Burn Infections

  • Deirdre L. Church
  • Ingrid Slaba
  • Brent W. Winston
  • Robert Lindsay
Reference work entry


Burns are a common and devastating form of trauma. The incidence of burns worldwide severe enough to require medical attention in 2004 was nearly 11 million people, and ranked fourth in all injuries. Recent data from the USA estimate that approximately 450,000 upwards to 1.1 million burn injuries occurs per annum based on visits to hospital emergency departments. Moderate to severe burn injuries requiring hospitalization account for approximately 45,000 of these cases, of which 20,000 are major burns involving ≥25 % of the total body surface area. Based on selected statistics for admissions to Burn Centers in the USA, the overall survival rate from burn injury was 94.8 % in the past decade (2000–2009). Improved survival is attributed to medical advances in fluid resuscitation; nutritional support; pulmonary care; burn wound care, particularly early excision and wound closure; and use of modern infection control practices. Although approximately 3,500–4,500 patients currently die each year as a direct result of their burn injury, up to 10,000 patients die from burn-related infections, particularly sepsis from burn wound infection, or other sources often associated with inhalation injury. This chapter reviews our current understanding of the mechanism, pathogenesis, immune response, diagnosis, management, and prevention of burn wound infections.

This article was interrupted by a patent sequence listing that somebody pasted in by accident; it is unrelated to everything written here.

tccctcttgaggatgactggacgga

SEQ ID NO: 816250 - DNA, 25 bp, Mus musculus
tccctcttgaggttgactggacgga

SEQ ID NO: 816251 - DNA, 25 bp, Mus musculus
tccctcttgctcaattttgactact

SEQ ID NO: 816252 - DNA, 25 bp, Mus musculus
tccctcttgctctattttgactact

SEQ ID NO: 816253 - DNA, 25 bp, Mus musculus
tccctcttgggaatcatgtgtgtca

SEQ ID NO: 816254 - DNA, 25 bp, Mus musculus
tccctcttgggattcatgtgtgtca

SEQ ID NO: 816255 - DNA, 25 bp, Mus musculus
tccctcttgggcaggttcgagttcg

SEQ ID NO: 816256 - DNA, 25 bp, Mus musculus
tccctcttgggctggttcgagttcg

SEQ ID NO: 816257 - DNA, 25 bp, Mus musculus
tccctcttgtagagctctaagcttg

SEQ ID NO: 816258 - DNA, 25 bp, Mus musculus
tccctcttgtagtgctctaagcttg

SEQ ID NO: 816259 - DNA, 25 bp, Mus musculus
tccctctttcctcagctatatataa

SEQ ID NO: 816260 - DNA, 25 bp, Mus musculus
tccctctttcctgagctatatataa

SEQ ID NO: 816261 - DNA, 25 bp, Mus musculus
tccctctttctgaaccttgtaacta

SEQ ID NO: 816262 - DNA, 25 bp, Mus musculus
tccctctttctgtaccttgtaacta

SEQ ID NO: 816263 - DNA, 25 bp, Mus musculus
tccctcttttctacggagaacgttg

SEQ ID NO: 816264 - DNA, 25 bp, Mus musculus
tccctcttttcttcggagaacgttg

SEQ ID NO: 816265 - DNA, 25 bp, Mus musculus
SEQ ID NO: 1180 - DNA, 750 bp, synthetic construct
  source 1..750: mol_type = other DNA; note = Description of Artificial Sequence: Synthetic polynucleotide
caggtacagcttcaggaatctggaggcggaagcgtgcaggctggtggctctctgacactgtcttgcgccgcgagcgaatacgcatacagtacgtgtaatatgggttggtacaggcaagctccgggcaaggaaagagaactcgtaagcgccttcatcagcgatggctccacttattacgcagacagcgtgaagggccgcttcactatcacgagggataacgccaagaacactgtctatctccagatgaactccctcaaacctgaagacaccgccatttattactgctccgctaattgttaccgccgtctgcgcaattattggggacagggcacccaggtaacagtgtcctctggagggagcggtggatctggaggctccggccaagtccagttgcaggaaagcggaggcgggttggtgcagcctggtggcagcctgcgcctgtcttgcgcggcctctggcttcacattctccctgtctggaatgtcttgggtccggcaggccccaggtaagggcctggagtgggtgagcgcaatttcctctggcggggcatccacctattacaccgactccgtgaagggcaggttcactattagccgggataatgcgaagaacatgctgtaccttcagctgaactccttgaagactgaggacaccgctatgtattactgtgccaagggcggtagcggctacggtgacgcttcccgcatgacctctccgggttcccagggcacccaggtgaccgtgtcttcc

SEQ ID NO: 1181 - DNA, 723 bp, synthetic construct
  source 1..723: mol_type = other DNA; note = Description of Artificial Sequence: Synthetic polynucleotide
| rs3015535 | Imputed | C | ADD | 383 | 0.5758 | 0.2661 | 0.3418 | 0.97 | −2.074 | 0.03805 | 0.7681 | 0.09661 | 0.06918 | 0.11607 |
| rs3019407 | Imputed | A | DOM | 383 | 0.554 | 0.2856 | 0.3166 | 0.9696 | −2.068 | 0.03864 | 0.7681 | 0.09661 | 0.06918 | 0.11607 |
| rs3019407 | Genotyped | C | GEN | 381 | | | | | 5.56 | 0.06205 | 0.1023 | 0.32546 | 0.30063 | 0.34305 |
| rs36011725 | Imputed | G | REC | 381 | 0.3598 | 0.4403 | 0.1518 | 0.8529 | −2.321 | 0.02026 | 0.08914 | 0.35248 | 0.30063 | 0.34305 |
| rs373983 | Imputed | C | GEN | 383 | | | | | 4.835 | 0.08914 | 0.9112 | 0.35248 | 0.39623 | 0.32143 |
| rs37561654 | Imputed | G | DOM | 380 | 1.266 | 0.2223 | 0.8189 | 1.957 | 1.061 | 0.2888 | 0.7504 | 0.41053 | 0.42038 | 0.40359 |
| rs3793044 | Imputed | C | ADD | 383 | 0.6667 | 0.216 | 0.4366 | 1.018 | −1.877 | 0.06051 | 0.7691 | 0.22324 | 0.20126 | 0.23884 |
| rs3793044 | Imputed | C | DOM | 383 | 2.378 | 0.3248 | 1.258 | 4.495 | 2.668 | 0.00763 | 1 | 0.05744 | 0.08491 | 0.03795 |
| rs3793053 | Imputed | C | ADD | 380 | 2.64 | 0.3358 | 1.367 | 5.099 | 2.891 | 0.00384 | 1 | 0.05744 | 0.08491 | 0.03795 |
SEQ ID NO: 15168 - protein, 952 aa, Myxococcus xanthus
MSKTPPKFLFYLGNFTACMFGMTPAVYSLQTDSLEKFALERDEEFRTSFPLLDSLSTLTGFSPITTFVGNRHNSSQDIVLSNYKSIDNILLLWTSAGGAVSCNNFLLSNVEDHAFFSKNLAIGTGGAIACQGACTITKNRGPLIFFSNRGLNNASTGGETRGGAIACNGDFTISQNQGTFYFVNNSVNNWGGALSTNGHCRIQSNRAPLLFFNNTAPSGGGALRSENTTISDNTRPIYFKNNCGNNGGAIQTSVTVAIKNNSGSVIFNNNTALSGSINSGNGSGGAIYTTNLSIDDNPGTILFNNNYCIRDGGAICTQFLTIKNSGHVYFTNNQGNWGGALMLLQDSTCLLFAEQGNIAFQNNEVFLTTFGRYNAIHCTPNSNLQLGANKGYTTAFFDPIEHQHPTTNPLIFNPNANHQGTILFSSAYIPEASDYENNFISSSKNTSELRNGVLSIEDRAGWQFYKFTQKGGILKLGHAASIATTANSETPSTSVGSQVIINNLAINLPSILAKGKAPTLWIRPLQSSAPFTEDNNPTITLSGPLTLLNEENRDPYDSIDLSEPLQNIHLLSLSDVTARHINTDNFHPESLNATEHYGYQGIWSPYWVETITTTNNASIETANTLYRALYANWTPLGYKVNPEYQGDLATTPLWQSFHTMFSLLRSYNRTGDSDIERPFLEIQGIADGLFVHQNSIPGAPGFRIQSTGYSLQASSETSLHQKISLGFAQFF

Bacterial Translocation Thermal Injury Blood Stream Infection Total Body Surface Area Electrical Injury 
These keywords were added by machine and not by the authors. This process is experimental and the keywords may be updated as the learning algorithm improves.


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Copyright information

© Springer-Verlag Berlin Heidelberg 2013

Authors and Affiliations

  • Deirdre L. Church
    • 1
    • 2
    • 5
  • Ingrid Slaba
    • 3
  • Brent W. Winston
    • 3
  • Robert Lindsay
    • 4
  1. 1.Departments of Pathology and Laboratory MedicineUniversity of CalgaryCalgaryCanada
  2. 2.Departments of MedicineUniversity of CalgaryCalgaryCanada
  3. 3.Departments of Critical CareUniversity of CalgaryCalgaryCanada
  4. 4.Departments of Surgery, Faculty of MedicineUniversity of CalgaryCalgaryCanada
  5. 5.Division of MicrobiologyCalgary Laboratory ServicesCalgaryCanada

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